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Northwest Sinfonietta gives U.S. premiere of a newly-discovered strings-only accompaniment for Beethoven’s fourth piano concerto, with Andreas Klein as soloist in Seattle, Tacoma and Puyallup

Post by Rosemary Ponnekanti / The News Tribune on Feb. 14, 2013 at 5:05 am with No Comments »
February 12, 2013 1:08 pm
Pianist Andreas Klein will play solo with the Northwest Sinfonietta this weekend. Courtesy photo.
Pianist Andreas Klein will play solo with the Northwest Sinfonietta this weekend. Courtesy photo.

It’s not your usual Beethoven concerto, but then the Northwest Sinfonietta prides itself on doing new twists on standards. This weekend the Tacoma-based chamber orchestra gives the U.S. premiere of a strings-only version of the composer’s fourth piano concerto with German soloist Andreas Klein.

Found recently in Bonn, Germany and passed onto Klein, the reduced orchestral accompaniment by Beethoven editor Hans-Werner Küthen might be new to U.S. audiences but would have been second nature for 19th-century music lovers. In the era before music recordings, orchestras in every town and oodles of conservatory-trained musicians, if you wanted to hear a classic you sometimes had to play it yourself with whatever instruments were to hand. Piano reductions of Mozart operas, trio versions of symphonies – this was common stuff.

Arranging for different instruments also solves a very contemporary problem – money. For the Sinfonietta and everyone else, it’s much cheaper to play a Beethoven concert with around 20 string players than it is to pay seven extra woodwinds, four brass players and a timpanist as well.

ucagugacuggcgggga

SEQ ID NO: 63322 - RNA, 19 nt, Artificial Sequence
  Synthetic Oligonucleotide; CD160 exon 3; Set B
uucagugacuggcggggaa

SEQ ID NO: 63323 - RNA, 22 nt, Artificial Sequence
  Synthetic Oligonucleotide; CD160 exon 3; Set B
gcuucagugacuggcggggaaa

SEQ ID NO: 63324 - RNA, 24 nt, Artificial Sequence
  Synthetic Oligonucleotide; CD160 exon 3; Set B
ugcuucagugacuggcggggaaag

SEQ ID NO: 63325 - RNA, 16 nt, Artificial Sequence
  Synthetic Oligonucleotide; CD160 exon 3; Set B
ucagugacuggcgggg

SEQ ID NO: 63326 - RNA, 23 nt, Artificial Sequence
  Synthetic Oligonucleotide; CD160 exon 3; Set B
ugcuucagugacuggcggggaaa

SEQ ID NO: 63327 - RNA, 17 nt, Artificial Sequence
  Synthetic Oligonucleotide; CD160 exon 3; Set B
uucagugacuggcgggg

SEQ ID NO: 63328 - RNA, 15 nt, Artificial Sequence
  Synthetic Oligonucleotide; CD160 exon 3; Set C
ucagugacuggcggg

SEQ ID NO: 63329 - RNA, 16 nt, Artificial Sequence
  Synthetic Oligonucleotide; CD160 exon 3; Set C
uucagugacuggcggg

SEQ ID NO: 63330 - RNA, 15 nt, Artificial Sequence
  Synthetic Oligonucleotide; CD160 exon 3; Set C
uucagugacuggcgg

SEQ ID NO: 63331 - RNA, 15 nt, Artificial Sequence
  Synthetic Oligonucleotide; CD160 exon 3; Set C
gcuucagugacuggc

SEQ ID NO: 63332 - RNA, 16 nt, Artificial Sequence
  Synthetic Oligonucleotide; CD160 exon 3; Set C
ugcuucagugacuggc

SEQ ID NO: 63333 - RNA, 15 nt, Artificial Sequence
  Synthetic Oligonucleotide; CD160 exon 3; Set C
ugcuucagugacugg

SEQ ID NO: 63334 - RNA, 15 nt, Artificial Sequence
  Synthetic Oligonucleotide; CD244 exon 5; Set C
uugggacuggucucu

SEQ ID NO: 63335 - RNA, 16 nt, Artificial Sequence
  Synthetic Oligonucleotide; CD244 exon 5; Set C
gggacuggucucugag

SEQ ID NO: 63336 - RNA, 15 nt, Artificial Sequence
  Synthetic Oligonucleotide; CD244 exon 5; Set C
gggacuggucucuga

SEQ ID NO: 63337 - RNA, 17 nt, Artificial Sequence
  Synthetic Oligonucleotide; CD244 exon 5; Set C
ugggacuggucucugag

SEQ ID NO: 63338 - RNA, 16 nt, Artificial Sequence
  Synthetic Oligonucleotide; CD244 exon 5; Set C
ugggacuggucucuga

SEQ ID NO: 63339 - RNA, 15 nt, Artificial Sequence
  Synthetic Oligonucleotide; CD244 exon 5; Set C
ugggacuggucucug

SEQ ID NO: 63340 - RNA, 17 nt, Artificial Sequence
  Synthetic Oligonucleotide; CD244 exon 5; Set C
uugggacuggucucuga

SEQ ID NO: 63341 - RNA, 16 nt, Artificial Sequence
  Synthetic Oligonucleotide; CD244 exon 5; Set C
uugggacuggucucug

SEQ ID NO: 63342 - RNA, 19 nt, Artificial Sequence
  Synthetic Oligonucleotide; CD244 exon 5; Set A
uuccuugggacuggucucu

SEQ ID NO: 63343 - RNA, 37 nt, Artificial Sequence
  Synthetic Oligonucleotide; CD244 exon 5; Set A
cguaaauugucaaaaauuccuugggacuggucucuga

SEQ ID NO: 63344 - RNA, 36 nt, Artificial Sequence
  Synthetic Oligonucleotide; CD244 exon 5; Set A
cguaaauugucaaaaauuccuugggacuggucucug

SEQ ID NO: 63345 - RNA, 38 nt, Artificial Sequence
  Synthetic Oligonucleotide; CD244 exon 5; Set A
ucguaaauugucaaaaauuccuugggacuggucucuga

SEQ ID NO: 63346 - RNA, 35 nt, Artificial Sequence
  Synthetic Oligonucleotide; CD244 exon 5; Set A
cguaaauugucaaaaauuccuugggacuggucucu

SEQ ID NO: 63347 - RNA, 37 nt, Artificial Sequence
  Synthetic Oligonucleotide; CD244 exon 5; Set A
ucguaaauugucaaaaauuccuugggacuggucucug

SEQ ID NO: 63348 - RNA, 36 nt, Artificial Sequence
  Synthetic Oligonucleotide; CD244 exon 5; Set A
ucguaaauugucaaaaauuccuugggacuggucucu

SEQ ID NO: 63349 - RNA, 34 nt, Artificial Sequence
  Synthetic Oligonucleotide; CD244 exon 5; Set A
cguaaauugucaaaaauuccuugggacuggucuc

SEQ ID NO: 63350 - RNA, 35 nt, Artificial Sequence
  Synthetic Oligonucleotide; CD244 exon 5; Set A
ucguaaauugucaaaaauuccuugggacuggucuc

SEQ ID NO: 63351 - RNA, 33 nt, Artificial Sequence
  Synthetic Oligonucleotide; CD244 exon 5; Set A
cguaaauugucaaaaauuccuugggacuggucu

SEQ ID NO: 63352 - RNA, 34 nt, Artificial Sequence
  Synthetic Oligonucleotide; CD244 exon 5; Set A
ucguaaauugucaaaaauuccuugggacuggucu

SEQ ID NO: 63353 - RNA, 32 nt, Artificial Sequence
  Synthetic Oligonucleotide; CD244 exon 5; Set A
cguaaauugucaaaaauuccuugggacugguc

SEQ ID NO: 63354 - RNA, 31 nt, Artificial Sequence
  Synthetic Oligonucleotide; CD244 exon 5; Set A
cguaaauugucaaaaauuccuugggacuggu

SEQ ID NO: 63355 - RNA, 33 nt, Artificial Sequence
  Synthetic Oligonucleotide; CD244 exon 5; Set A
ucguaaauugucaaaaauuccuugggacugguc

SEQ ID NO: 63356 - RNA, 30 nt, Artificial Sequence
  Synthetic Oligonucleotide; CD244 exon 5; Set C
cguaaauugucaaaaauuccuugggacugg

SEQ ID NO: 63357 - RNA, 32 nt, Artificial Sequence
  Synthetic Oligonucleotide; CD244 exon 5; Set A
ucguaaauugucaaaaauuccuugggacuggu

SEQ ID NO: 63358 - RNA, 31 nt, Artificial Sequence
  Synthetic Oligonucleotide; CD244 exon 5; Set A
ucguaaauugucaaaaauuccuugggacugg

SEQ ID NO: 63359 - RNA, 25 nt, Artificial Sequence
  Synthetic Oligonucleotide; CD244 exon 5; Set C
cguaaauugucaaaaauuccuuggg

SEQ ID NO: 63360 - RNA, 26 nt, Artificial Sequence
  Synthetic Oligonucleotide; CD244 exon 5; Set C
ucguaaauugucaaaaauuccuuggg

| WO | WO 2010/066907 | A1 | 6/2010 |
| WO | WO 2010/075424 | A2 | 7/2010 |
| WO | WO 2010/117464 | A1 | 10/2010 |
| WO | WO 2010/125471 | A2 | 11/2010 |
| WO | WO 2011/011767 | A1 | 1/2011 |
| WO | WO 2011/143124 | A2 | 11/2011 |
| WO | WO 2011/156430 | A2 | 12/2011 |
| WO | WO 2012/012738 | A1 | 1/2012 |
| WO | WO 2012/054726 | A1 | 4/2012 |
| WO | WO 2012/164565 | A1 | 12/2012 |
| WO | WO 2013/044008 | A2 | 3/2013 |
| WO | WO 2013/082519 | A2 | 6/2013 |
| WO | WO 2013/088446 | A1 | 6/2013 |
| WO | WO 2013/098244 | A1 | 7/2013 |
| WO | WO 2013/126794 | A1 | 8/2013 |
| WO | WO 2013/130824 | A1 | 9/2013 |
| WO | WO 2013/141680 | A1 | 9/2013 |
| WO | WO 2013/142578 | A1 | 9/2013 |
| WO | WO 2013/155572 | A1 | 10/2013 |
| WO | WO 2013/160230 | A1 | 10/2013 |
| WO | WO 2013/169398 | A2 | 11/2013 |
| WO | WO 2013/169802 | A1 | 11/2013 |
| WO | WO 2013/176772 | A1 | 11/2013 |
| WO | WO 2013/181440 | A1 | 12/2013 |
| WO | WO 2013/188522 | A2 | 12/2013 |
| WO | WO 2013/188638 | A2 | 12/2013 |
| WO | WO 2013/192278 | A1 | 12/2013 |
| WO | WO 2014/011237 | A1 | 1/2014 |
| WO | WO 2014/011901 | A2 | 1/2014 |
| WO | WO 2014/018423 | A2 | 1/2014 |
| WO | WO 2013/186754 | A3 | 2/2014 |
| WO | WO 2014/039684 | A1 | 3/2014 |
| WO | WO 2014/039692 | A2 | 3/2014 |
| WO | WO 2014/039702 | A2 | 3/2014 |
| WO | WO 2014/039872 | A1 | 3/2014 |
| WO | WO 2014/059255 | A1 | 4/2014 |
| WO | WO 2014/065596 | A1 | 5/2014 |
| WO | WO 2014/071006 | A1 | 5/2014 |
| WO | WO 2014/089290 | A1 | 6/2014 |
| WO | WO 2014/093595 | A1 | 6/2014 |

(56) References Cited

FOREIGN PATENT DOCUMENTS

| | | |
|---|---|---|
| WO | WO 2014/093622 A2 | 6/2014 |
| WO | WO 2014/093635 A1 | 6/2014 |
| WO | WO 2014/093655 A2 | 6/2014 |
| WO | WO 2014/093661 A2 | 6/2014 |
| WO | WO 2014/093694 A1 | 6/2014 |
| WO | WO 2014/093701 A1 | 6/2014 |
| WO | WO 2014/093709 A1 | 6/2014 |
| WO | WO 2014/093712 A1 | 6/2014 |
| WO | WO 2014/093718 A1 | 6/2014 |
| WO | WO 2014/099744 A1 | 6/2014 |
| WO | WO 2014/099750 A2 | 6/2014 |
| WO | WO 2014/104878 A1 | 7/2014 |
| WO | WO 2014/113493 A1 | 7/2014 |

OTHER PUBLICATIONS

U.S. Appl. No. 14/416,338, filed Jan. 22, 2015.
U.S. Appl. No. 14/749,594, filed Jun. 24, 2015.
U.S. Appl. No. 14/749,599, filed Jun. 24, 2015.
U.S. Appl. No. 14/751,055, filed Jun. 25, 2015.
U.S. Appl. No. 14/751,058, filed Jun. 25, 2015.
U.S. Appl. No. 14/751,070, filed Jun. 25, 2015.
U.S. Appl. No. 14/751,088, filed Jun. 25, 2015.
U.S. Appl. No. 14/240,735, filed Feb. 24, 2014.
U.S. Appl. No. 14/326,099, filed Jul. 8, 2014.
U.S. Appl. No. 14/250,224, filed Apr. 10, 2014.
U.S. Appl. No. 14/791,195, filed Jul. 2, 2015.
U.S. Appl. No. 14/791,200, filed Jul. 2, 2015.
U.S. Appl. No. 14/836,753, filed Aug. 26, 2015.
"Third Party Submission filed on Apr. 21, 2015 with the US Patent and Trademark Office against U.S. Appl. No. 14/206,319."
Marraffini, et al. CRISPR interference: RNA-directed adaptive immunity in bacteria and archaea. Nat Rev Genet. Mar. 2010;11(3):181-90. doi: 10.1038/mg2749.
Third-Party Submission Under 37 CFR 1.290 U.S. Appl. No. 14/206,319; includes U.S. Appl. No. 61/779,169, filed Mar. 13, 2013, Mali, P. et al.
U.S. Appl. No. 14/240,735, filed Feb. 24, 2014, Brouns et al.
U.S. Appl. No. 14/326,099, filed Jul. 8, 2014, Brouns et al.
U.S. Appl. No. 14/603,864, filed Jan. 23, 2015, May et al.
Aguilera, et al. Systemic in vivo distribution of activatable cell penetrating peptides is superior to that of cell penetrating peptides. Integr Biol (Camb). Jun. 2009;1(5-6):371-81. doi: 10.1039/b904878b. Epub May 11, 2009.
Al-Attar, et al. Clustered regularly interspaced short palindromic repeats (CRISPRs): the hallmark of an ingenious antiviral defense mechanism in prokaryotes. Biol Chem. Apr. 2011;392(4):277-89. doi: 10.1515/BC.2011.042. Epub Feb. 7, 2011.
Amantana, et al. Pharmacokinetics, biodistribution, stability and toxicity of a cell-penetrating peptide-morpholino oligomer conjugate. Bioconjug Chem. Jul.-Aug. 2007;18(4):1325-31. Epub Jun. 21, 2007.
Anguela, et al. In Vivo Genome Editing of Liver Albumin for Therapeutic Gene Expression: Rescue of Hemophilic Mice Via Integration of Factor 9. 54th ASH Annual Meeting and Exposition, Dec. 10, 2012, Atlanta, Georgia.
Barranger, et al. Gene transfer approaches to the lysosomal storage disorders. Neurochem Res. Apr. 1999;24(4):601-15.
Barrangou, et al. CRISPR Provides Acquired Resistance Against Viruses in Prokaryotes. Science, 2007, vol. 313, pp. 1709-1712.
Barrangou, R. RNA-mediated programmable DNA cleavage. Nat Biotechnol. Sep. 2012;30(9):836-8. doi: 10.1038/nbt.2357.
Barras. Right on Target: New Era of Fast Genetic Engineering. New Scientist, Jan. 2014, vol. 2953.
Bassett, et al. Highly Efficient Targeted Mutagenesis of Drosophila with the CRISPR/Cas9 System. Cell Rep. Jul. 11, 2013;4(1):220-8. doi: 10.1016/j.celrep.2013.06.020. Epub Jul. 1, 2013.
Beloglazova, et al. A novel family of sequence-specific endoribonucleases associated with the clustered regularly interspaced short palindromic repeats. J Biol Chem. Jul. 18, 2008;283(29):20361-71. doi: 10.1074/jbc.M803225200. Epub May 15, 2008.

Most of the rest of the program is likewise rearranged: Bizet’s orchestral “Carmen” suite is reduced for strings by Clark McAlister, and a Debussy Andantino is expanded from string quartet version. Sibelius’ “Romance” was originally a string ensemble piece, but has elsewhere been arranged for piano solo.

Will you miss anything in this new Beethoven version? Probably not. The orchestral part does have some colorful wind solos, but like any classical concerto it’s primarily a back-up for the piano part, in this case played by the internationally renowned Klein, described by The New York Times as “a pianist who makes silences sound like music.”

7:30 p.m. Feb. 15 at Benaroya Hall, 200 University St., Seattle; 7:30 p.m. Feb. 16 at the Rialto Theater, 310 S. 9th St., Tacoma; 2 p.m. at Pioneer Park Pavilion, 330 Meridian Ave. S., Puyallup. $19-$49. 800-291-7593, nwsinfonietta.org

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